If they’ve taken fuel lines from between the flow rate sensor and the engine could it be something as simple as larger diameter lines to the engine to act almost as a reserve tank? Maybe have the ECU keep pushing fuel through at below the maximum allowed rate under braking to be held in the lines and then forced out under maximum flow through the sensor so increasing the overall amount of fuel going to the engine under full throttle while keeping below the max flow rate through the sensor? I have no idea if that’s even how fluid dynamics works but something as simple as that could fly under the radar if everyone is looking for something massively complex everywhere else, say in a double battery design or something? A modern day version of Smokey Yunick‘s fuel lines in 1960s NASCAR, if you will.

Backing up fuel under braking and releasing it under full throttle would explain their power advantage out of low speed corners.

As I said, I have zero technical knowledge so please treat it as such laugh
I thought they were limited to a total fuel system volume after the flow sensor of 250ml.

C2Red

3,315 posts

214 months

Wednesday 20th November 2019
quotequote all
Megaflow said:
Robberto said:
I have no engineering knowledge so bear that in mind...

If they’ve taken fuel lines from between the flow rate sensor and the engine could it be something as simple as larger diameter lines to the engine to act almost as a reserve tank? Maybe have the ECU keep pushing fuel through at below the maximum allowed rate under braking to be held in the lines and then forced out under maximum flow through the sensor so increasing the overall amount of fuel going to the engine under full throttle while keeping below the max flow rate through the sensor? I have no idea if that’s even how fluid dynamics works but something as simple as that could fly under the radar if everyone is looking for something massively complex everywhere else, say in a double battery design or something? A modern day version of Smokey Yunick‘s fuel lines in 1960s NASCAR, if you will.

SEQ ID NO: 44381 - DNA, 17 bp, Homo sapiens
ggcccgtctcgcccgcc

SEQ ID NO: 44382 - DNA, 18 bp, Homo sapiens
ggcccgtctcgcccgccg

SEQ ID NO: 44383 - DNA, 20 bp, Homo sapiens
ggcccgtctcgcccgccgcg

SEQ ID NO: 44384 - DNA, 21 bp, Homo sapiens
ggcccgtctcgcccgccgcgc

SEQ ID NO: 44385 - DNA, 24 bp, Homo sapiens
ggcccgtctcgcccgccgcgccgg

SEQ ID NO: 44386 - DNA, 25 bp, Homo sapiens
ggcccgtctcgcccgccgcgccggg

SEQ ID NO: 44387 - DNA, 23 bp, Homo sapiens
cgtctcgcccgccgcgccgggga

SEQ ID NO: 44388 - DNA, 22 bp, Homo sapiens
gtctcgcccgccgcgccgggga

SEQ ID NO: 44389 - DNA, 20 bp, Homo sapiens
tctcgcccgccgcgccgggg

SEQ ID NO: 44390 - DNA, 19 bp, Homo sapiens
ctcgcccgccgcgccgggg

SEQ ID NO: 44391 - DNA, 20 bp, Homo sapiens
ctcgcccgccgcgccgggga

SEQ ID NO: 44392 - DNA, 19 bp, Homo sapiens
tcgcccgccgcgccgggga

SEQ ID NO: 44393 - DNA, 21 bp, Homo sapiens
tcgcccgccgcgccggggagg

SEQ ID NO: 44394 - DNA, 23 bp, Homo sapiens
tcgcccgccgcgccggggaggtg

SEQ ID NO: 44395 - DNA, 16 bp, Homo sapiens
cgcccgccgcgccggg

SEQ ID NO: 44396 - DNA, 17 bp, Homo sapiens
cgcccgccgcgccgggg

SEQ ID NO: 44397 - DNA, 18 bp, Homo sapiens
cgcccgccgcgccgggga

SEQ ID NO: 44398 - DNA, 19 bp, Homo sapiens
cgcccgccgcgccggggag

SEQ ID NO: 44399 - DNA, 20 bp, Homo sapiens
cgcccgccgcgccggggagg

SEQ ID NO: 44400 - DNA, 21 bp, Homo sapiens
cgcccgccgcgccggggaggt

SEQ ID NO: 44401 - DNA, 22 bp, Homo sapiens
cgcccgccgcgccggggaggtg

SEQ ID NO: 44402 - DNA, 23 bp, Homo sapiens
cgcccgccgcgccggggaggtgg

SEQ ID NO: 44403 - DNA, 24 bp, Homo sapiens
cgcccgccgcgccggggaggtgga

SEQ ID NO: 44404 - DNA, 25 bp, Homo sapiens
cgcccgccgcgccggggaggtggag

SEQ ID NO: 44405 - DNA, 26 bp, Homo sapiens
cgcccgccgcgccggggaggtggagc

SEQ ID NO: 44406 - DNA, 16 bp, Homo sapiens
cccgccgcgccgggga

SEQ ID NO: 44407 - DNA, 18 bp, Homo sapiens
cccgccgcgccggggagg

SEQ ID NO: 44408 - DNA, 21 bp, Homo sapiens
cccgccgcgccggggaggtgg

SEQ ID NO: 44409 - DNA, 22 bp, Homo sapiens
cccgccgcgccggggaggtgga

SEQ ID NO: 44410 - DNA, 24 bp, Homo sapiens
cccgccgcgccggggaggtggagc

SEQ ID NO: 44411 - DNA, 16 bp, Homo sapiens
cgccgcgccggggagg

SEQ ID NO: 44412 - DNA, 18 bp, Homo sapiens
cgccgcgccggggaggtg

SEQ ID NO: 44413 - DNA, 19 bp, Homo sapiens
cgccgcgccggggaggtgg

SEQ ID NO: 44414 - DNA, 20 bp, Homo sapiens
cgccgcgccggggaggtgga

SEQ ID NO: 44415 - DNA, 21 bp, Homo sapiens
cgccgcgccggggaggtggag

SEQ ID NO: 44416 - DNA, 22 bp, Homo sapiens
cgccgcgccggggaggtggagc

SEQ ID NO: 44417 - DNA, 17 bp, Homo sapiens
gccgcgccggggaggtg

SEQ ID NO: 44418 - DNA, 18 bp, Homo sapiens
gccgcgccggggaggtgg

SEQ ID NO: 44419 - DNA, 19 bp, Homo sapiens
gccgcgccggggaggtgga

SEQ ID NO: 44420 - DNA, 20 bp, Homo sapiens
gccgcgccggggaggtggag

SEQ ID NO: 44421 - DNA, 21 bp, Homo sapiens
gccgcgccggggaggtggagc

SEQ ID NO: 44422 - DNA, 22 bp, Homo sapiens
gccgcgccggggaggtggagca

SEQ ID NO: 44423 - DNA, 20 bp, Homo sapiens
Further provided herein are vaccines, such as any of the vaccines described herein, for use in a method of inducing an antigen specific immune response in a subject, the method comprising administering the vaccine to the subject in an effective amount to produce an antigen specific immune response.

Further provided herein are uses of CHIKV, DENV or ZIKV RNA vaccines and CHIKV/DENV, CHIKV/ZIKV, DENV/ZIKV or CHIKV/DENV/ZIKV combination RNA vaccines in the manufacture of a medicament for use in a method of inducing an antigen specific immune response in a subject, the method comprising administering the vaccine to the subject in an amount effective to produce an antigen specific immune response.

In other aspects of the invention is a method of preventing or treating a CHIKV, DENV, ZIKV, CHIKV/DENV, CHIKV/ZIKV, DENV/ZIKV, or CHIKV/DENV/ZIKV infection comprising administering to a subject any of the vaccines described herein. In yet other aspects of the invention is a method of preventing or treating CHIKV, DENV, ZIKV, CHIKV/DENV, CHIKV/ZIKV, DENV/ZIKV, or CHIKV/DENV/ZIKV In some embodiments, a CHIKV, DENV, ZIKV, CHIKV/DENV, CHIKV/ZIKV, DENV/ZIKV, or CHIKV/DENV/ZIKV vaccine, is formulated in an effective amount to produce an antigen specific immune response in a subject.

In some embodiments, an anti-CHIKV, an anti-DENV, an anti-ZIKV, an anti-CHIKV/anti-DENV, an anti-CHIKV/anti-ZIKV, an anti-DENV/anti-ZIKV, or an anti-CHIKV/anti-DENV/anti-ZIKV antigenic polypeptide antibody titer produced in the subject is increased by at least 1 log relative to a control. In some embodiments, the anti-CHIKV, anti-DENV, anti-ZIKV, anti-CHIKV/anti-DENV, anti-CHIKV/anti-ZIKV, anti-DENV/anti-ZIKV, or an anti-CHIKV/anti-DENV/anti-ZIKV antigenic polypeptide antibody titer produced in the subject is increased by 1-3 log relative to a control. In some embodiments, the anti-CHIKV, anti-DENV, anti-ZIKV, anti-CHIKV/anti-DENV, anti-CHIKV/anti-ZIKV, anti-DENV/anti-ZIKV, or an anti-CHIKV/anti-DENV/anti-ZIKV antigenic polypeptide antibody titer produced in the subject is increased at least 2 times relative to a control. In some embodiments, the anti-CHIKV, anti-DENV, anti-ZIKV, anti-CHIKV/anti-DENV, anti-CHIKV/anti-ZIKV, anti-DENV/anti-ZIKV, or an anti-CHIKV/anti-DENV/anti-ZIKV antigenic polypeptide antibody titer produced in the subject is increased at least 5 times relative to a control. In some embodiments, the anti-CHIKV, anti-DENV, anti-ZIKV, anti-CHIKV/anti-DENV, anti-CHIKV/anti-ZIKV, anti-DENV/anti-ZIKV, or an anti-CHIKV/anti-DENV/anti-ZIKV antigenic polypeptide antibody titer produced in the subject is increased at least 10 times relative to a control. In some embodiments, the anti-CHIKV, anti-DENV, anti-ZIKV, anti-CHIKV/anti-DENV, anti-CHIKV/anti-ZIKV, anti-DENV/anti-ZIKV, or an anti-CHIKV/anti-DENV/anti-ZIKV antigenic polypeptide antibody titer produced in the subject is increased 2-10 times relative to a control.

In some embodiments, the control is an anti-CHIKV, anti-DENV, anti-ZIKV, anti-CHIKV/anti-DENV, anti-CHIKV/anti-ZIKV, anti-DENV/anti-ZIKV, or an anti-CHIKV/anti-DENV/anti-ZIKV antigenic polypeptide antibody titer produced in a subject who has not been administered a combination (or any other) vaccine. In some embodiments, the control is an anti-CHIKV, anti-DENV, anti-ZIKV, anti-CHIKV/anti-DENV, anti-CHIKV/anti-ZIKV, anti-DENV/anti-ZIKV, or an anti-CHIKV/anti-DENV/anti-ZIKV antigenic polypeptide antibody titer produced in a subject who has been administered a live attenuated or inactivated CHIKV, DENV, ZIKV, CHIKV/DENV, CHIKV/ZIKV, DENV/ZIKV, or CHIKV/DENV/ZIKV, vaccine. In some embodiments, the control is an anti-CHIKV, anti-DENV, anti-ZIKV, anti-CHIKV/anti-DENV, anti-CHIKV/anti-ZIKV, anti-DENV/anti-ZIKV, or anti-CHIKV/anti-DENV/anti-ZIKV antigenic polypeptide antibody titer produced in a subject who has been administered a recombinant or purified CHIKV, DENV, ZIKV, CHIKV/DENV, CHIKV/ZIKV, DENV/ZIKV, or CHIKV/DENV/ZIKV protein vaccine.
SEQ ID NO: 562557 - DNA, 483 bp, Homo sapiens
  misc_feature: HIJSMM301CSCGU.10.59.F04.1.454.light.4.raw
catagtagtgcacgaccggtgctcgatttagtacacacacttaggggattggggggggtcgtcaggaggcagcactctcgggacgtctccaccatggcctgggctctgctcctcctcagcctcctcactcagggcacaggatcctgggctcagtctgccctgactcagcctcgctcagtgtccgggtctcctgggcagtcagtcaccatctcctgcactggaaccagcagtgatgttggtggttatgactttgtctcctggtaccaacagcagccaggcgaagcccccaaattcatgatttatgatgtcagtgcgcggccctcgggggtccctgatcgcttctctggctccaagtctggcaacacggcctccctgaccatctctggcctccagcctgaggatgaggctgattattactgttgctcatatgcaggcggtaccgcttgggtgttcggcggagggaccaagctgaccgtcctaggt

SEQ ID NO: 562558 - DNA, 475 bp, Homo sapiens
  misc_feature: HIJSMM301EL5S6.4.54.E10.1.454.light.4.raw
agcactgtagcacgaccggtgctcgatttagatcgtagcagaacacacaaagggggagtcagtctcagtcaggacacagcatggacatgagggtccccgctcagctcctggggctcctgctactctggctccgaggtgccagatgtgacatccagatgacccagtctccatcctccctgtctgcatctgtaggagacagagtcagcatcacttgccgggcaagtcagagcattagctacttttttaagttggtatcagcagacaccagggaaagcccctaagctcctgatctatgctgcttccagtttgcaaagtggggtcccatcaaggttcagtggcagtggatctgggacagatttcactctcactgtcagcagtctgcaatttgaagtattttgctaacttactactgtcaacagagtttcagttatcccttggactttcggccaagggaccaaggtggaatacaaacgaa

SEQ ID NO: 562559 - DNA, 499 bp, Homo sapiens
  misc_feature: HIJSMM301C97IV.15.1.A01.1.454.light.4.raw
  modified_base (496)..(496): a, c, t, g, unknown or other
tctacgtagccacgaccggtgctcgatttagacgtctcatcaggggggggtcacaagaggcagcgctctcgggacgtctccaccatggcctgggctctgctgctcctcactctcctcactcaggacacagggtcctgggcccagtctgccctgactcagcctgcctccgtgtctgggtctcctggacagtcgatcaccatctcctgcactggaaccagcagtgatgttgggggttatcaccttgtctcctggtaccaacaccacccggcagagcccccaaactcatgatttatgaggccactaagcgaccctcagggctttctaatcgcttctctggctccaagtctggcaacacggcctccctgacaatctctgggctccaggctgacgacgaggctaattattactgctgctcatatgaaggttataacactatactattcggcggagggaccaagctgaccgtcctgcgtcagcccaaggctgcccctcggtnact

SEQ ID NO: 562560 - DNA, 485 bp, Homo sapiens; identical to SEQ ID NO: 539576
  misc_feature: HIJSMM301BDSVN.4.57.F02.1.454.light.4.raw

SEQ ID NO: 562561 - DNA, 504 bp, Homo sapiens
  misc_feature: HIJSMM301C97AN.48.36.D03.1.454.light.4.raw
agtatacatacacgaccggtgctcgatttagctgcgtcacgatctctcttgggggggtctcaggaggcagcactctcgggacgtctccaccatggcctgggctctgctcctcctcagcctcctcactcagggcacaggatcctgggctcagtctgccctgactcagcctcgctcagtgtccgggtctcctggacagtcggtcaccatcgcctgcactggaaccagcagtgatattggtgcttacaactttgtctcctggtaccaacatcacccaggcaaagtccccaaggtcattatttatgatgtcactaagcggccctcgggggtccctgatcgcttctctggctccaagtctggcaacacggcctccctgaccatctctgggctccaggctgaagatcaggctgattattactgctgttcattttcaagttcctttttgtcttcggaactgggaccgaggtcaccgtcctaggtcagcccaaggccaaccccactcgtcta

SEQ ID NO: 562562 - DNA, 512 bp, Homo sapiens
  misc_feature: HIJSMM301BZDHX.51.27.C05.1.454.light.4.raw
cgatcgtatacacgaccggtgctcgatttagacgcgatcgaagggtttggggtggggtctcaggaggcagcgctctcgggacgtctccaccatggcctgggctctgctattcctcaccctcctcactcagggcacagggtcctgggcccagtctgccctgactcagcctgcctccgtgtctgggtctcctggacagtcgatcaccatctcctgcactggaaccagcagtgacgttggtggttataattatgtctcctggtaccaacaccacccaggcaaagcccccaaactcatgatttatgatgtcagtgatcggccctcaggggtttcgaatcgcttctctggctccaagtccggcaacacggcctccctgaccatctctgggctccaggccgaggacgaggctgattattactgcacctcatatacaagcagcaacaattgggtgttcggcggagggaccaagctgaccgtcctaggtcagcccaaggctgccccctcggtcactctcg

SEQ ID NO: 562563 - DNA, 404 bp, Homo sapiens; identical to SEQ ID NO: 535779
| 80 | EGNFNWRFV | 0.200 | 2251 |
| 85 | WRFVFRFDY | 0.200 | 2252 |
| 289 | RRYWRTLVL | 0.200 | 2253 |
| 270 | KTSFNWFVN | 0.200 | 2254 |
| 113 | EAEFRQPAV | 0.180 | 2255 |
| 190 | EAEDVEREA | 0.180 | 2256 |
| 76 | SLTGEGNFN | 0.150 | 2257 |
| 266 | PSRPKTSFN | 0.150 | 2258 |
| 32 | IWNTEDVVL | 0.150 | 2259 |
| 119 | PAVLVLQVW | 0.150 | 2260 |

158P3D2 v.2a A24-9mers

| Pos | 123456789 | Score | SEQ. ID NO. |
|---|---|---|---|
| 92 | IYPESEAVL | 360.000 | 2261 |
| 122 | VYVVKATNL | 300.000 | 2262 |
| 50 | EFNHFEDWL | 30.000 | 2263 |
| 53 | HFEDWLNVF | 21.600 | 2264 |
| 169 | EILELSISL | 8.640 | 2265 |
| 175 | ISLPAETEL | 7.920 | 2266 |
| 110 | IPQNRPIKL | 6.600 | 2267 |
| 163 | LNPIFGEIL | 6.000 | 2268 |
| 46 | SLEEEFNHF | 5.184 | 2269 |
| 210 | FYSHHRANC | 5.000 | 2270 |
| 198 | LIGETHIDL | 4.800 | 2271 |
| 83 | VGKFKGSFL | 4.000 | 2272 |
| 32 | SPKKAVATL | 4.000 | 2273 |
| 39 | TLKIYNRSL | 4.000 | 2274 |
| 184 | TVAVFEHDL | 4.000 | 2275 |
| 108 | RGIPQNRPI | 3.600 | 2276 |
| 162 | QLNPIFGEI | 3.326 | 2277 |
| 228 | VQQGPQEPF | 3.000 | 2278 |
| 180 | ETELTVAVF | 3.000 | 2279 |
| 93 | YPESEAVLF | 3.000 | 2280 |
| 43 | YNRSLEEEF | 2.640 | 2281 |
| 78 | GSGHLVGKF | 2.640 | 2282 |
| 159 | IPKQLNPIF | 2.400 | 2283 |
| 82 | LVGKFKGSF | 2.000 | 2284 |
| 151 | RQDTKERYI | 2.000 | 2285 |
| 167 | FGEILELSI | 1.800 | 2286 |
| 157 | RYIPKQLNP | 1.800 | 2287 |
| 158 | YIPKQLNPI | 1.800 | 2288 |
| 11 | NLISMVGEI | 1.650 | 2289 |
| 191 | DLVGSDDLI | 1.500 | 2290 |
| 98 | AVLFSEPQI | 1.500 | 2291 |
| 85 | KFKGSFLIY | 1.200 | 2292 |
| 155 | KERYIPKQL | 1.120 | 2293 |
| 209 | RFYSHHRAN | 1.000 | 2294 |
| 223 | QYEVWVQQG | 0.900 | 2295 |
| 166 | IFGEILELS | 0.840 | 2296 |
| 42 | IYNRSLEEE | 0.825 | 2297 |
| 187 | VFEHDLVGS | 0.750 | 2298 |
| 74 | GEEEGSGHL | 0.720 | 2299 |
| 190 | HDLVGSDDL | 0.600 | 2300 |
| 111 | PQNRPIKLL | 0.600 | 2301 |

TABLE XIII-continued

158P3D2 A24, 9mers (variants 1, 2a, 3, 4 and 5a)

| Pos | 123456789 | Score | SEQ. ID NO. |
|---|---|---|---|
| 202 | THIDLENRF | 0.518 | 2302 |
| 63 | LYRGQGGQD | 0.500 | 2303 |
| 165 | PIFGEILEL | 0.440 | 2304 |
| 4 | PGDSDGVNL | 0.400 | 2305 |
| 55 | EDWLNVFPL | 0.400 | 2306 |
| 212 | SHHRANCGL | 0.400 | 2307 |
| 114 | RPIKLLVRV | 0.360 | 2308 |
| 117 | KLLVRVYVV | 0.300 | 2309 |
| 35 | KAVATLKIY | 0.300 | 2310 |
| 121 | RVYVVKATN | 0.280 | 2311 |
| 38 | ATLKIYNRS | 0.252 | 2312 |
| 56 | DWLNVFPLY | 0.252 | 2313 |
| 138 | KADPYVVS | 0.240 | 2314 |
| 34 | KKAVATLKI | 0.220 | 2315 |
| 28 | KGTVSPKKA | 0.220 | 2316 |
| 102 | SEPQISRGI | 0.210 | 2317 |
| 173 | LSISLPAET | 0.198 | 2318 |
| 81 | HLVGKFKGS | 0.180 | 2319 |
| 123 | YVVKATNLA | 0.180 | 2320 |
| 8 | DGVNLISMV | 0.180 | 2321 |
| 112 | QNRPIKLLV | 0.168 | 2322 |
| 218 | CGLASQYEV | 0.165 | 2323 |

Backing up fuel under braking and releasing it under full throttle would explain their power advantage out of low speed corners.

As I said, I have zero technical knowledge so please treat it as such laugh
I thought they were limited to a total fuel system volume after the flow sensor of 250ml.
Measured statically or dynamically?

Megaflow

7,346 posts

186 months

Thursday 21st November 2019
quotequote all
C2Red said:
Megaflow said:
Robberto said:
I have no engineering knowledge so bear that in mind...

If they’ve taken fuel lines from between the flow rate sensor and the engine could it be something as simple as larger diameter lines to the engine to act almost as a reserve tank? Maybe have the ECU keep pushing fuel through at below the maximum allowed rate under braking to be held in the lines and then forced out under maximum flow through the sensor so increasing the overall amount of fuel going to the engine under full throttle while keeping below the max flow rate through the sensor? I have no idea if that’s even how fluid dynamics works but something as simple as that could fly under the radar if everyone is looking for something massively complex everywhere else, say in a double battery design or something? A modern day version of Smokey Yunick‘s fuel lines in 1960s NASCAR, if you will.

Backing up fuel under braking and releasing it under full throttle would explain their power advantage out of low speed corners.

As I said, I have zero technical knowledge so please treat it as such laugh
I thought they were limited to a total fuel system volume after the flow sensor of 250ml.
Measured statically or dynamically?
Interesting question. I assumed statically, but I don’t know what the regs says.

I’ll be back...

Reading 5.10 of the regulations says nothing about volume of fuel after the sensor, some further digging reveals it is a 2021 rule, where they will be limited to a maximum of 250ml outside the survival cell.

But, article 5.10.5 is interesting, it says:

5.10.5 said:
Any device, system or procedure the purpose and/or effect of which is to increase the flow rate or to store and recycle fuel after the measurement point is prohibited
Why is quite clear in its intention, but very grey on specifics.


Edited by Megaflow on Thursday 21st November 12:06

Doink

1,544 posts

108 months

Thursday 21st November 2019
quotequote all